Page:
Sales is a skill set. It’s one that is incredibly important for professionals to learn, even though – especially even – you’re not in sales. Knowing how to sell, is really about knowing how to listen and how to serve. And once you’ve figured out how to do that, you’ve got a leg up on everyone else.

In Zig Ziglar’s book, Secrets of Closing the Sale: For Anyone Who Must Get Others to Say Yes! he asserts that everyone is in sales. However, he goes on to explain that sales isn’t what you’ve been led to believe. Selling is helping. It’s listening. It’s serving a need.

Stop selling and start helping. – Zig Ziglar

I get a lot of calls from people trying to sell me stuff. I don’t remember most of them. The ones that stick out are either the REALLY, REALLY bad ones or the ones where I feel like someone did my job for me.

While I don’t need a good sales experience to make a purchase but those fantastic experiences stand out. They’re memorable. And I’m guessing regardless of what you’re selling, you want to make a positive memory.

At some point, everyone is selling something – interviews, business proposal, promotions, etc. – and being really good at listening and service is how you stand out.

The Tale of Two Saleswomen

About a year ago, I got a call from a saleswoman – let’s call her Jill.   She selling advertising and sponsorships, and I have to tell you that I hate buying either. There are times where it’s worth it, but 75% of the time I don’t see the ROI. However, I take the call because I want that 25% opportunity.

I tell Jill as much and through our conversation give examples of when I would buy. I ask Jill to make specific recommendations based on our conversation.

Jill sends me 10 different advertising and sponsorship opportunities in a huge pdf file.
I then start getting weekly calls from Jill asking if I’ve looked through the materials and if anything looks good.

I get where Jill is coming from – she wants me to have all the options in case something stands out, but I don’t have time for that. Jill makes more work for me. 

Yesterday, a new saleswoman calls me from the same place, selling the same thing – we’ll call her Peggy.

I tell her what I told Jill. Peggy then offers me 4 things she thinks might be a good fit.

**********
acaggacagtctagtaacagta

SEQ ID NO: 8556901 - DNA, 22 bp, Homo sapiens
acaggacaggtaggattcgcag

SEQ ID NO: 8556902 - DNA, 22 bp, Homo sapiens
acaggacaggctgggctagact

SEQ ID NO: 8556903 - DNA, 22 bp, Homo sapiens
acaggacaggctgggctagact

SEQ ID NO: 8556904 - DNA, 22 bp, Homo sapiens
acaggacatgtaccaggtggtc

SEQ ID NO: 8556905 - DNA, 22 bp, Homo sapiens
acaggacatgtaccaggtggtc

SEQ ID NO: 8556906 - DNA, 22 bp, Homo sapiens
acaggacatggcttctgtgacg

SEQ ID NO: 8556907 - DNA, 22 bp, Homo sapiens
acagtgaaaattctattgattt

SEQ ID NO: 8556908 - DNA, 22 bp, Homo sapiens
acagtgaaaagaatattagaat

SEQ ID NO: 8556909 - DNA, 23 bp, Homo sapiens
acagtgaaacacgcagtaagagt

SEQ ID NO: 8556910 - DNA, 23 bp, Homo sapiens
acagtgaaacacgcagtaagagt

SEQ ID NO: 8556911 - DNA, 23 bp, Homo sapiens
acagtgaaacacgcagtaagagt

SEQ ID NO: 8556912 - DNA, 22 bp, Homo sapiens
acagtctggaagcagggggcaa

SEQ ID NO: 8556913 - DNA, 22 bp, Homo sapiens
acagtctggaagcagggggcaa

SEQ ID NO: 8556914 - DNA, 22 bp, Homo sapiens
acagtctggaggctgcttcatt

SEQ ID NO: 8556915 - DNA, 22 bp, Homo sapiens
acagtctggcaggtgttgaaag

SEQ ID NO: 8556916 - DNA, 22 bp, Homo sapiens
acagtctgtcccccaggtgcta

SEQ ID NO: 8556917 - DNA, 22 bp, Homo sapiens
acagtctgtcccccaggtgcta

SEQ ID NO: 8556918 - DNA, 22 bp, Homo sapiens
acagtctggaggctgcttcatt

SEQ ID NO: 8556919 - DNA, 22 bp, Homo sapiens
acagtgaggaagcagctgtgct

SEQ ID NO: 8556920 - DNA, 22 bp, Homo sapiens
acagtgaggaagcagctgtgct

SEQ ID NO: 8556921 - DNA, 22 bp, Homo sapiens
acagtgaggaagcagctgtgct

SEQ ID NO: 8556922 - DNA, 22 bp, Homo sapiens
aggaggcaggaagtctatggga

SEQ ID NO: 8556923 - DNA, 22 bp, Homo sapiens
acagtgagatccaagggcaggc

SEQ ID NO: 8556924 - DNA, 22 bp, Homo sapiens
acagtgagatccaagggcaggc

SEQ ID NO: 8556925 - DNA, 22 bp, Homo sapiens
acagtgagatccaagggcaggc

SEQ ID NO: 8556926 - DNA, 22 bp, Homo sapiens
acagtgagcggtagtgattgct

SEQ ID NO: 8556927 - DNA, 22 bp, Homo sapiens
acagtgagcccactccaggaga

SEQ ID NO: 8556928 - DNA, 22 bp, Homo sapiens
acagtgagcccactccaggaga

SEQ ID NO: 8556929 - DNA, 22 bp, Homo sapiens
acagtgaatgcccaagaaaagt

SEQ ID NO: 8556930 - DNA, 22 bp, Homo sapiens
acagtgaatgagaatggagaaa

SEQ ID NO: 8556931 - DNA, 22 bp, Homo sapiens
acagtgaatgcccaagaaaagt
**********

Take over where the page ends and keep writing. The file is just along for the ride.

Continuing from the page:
Peggy asks me about my needs, my past experiences with successful purchases and brainstorms ways to make what she has more valuable.
Peggy then sends me one email, 10 minutes after our call with two recommendations and one extra option “just in case” plus a ticket to one of the events so I can get a feel for it.

Now, I’m not saying I’m going to purchase any additional sponsorships or advertising but I do remember Peggy.  I looked at everything she sent me and I’ll likely take her calls in the future. In fact, I remember her well enough that I had a hard time writing Peggy instead of her real name.

Peggy knew who I was before she called me, all my previous purchase info is in her CRM. But still she asked questions, walked through my reservations, offered alternatives and then sent me what I said I wanted as well as something I’d find valuable even if it wasn’t what I explicitly stated I’d need. 

Selling for the non-salesperson

Just about everyone has their bad sales and good sales story. But most don’t think about how often you sell yourself in a professional setting. Every job interview, every project plan, every board meeting or business proposal starts with trying to sell a solution or an idea.

  1. Start by listening – what is the actual issue?
  2. Ask clarifying questions – do you really understand the problem?
  3. Read between the lines – what other issues might be at play?
  4. Offer value – does your solution address all their pain points – stated & unstated?
  5. Make it easy to say yes – is your delivery tailored for the audience?

There are lots of skills you can work on that will help you sell yourself, but truly selling someone requires digging in and getting to the heart of what they need. Then figuring out how to offer a solution that addresses that need. In a sea of mediocrity, being able to listen and serve is so rare.

No matter what you are selling, you need to learn to sell. You need to know that selling means helping. You need to stand out when selling so that you’re memorable like Peggy.


Have you read Zig Zigler’s book? What did you think? What other skills are important for selling?


Cropped photo by rawpixel on Unsplash